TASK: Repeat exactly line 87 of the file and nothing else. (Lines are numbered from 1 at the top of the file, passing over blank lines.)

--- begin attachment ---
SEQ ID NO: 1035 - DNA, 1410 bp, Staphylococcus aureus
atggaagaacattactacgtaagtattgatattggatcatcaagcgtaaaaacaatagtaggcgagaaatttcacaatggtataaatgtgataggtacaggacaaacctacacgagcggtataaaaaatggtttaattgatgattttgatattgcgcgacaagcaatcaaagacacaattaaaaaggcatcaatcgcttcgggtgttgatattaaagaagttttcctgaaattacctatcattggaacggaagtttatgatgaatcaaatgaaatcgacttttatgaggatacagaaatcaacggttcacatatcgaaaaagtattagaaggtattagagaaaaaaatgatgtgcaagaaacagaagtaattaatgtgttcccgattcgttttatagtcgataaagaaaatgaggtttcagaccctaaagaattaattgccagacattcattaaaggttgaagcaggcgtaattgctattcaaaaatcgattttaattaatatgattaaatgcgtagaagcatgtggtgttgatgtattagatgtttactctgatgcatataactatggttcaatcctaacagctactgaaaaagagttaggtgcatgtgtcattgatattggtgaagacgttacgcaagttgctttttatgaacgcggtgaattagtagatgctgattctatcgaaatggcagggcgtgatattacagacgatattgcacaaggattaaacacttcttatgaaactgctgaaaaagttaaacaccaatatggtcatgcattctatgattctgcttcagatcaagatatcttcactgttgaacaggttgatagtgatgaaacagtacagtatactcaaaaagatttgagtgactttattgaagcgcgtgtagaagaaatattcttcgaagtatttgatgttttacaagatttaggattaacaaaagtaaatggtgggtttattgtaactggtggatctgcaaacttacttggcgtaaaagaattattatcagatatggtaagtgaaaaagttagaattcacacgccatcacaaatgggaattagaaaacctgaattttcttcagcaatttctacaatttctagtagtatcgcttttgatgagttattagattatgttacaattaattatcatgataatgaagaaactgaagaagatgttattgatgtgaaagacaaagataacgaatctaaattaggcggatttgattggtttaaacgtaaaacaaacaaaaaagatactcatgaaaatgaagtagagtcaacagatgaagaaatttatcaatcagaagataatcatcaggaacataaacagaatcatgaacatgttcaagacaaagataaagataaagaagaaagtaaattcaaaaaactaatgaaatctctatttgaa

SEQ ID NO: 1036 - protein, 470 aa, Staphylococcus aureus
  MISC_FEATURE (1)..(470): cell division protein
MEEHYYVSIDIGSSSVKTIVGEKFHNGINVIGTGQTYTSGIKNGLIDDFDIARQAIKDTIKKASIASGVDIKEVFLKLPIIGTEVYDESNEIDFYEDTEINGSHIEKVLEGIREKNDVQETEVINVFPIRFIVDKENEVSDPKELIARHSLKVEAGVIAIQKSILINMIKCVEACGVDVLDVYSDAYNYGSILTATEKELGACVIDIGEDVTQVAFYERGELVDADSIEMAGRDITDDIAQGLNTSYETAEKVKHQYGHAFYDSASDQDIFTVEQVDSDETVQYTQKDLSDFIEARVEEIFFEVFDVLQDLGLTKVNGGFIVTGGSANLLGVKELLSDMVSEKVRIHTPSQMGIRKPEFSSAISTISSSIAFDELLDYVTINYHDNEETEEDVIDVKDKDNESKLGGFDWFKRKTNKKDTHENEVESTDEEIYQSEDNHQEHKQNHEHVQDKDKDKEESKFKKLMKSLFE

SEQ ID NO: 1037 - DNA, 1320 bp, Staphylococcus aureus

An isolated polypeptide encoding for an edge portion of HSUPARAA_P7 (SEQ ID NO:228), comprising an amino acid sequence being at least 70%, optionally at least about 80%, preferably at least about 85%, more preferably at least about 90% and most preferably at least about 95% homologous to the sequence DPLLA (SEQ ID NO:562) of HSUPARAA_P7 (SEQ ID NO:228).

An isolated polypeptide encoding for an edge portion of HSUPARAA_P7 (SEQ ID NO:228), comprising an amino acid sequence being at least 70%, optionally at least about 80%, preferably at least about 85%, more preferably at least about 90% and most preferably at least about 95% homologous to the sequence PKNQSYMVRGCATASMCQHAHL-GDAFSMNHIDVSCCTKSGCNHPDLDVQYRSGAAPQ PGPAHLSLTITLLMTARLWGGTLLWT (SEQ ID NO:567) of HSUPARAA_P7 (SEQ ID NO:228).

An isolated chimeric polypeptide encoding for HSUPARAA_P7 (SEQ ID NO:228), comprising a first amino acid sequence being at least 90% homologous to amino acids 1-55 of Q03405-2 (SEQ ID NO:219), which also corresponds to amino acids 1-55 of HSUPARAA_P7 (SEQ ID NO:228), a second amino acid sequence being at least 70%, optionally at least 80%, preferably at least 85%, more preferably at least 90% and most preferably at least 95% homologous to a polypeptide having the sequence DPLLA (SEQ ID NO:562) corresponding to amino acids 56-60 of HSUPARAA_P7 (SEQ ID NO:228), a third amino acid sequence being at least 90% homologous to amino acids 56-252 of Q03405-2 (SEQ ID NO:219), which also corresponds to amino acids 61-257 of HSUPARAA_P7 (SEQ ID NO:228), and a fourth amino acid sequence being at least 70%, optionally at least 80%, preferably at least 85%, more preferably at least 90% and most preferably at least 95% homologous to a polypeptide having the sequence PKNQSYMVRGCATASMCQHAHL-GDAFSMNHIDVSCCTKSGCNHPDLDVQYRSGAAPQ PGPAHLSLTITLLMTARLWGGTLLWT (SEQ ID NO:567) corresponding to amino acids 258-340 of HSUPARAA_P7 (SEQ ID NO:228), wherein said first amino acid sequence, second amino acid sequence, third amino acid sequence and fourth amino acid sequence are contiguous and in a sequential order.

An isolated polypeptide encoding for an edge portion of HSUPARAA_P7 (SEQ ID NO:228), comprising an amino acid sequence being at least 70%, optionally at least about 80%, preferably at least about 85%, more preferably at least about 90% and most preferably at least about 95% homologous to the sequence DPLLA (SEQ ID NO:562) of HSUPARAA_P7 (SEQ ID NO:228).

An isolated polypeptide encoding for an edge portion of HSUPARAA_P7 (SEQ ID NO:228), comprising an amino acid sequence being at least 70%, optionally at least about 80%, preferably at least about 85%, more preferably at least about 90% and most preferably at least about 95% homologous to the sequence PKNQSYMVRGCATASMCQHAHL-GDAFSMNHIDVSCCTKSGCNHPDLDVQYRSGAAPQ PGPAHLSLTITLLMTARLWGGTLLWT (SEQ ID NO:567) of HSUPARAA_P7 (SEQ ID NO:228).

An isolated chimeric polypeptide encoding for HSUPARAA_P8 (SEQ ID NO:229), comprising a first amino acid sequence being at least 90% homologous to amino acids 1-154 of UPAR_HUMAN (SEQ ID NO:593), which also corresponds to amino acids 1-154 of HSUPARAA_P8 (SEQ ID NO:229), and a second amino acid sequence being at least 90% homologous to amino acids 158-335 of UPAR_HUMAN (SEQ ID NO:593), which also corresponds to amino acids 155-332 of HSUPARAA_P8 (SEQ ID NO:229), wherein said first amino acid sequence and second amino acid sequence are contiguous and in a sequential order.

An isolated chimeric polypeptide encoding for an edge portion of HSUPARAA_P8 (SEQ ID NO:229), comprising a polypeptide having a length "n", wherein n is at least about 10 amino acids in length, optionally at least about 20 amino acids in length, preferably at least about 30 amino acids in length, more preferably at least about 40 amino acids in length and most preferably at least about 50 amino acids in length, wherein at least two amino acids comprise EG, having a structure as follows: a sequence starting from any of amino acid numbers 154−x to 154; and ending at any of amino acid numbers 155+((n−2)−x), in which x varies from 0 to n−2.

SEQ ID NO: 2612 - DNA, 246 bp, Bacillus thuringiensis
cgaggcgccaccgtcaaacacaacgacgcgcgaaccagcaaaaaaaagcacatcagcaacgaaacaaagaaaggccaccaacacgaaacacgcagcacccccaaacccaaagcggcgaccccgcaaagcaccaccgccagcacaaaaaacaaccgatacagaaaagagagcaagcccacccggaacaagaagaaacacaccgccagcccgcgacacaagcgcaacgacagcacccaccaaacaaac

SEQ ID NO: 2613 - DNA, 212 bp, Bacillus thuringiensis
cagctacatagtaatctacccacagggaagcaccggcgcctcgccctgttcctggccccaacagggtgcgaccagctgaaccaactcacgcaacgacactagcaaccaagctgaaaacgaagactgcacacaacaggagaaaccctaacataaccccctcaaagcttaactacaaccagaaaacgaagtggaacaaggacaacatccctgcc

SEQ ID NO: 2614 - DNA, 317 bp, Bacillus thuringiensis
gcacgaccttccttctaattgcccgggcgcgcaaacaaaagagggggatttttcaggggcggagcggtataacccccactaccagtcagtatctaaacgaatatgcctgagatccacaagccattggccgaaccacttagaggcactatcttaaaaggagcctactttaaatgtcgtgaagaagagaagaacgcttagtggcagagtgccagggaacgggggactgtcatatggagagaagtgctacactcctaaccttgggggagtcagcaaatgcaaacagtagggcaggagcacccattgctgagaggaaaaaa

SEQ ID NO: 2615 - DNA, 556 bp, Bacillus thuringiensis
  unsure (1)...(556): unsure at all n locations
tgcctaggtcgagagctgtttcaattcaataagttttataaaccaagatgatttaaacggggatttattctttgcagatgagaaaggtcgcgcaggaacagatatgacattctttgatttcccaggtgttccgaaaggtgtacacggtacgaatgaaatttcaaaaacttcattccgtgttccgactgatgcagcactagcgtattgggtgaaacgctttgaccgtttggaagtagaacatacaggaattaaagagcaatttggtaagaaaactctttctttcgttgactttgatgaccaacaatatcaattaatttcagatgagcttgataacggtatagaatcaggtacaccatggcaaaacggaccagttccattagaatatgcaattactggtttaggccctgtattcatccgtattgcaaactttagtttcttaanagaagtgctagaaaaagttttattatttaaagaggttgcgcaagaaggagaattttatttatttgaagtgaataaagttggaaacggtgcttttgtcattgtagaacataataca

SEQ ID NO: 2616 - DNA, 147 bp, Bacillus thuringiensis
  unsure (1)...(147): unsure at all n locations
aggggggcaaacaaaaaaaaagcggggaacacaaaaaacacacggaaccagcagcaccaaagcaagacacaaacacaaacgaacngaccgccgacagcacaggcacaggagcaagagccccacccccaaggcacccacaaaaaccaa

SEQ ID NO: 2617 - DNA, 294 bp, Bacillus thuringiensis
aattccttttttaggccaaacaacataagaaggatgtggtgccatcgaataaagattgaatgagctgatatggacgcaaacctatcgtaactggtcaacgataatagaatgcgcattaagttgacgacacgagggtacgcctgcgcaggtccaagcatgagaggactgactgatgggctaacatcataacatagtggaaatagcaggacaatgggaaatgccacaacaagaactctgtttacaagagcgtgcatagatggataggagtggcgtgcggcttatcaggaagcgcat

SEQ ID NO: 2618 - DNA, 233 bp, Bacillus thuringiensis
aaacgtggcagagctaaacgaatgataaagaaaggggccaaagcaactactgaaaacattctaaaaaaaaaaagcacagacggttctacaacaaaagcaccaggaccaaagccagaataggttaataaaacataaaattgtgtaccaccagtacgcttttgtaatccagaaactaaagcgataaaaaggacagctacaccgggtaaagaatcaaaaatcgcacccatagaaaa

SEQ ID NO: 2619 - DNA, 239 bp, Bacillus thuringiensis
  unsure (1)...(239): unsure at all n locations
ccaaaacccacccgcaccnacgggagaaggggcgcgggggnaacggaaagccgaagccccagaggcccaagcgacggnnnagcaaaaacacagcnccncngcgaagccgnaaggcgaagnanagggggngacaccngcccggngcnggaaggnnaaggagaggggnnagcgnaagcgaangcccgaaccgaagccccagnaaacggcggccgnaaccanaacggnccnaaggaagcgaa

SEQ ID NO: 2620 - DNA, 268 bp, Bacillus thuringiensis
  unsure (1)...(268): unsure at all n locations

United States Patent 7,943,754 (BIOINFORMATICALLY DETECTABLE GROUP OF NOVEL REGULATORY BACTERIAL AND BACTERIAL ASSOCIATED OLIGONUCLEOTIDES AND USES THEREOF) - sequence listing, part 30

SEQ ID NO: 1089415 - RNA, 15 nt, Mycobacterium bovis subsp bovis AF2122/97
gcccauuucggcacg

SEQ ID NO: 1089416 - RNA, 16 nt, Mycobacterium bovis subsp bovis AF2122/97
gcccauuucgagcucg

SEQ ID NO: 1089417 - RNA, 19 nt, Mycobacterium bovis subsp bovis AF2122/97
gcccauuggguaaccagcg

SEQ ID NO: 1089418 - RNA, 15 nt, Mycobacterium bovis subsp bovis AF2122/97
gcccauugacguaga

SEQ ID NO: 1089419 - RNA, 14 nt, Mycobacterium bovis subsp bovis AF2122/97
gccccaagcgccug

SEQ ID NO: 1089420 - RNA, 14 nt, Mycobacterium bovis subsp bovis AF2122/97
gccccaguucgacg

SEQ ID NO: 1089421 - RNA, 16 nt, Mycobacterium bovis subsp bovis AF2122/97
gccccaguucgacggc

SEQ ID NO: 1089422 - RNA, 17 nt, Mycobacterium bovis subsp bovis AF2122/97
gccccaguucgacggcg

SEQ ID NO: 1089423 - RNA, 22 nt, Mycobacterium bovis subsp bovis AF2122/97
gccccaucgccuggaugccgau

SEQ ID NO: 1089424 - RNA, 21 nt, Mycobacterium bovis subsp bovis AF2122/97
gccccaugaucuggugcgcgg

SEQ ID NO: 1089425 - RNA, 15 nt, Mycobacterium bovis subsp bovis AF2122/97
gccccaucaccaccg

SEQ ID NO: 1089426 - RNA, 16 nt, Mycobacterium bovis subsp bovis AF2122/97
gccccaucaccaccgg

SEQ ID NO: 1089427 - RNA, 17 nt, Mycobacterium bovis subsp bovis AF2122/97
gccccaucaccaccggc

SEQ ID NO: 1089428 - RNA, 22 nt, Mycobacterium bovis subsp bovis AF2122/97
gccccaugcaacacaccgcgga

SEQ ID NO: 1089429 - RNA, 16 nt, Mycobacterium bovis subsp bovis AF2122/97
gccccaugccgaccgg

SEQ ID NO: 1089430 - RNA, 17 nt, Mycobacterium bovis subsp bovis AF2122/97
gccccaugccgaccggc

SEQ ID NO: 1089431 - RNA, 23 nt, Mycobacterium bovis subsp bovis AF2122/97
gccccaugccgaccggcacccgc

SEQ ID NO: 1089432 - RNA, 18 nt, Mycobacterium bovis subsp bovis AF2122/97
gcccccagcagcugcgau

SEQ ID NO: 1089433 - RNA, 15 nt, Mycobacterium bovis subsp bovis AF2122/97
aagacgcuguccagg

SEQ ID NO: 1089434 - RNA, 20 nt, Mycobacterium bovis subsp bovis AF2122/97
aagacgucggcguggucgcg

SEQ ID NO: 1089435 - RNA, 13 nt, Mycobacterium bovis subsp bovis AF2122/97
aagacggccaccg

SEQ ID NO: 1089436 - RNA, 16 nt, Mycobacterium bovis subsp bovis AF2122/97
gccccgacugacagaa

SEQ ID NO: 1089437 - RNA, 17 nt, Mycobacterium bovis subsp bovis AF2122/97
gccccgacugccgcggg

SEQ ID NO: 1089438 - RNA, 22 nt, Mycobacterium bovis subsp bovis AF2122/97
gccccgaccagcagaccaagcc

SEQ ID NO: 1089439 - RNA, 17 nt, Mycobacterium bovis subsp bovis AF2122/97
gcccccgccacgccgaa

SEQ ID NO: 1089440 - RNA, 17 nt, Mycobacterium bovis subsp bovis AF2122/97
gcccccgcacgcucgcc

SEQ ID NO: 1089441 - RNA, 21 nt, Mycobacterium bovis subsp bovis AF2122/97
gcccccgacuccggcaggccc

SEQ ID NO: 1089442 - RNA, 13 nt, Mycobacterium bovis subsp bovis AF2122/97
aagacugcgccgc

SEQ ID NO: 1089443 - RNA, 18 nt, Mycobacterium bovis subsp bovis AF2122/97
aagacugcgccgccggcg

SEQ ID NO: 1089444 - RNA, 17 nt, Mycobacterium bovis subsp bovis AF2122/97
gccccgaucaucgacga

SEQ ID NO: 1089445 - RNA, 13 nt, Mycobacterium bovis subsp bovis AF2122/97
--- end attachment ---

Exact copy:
gcccccgcacgcucgcc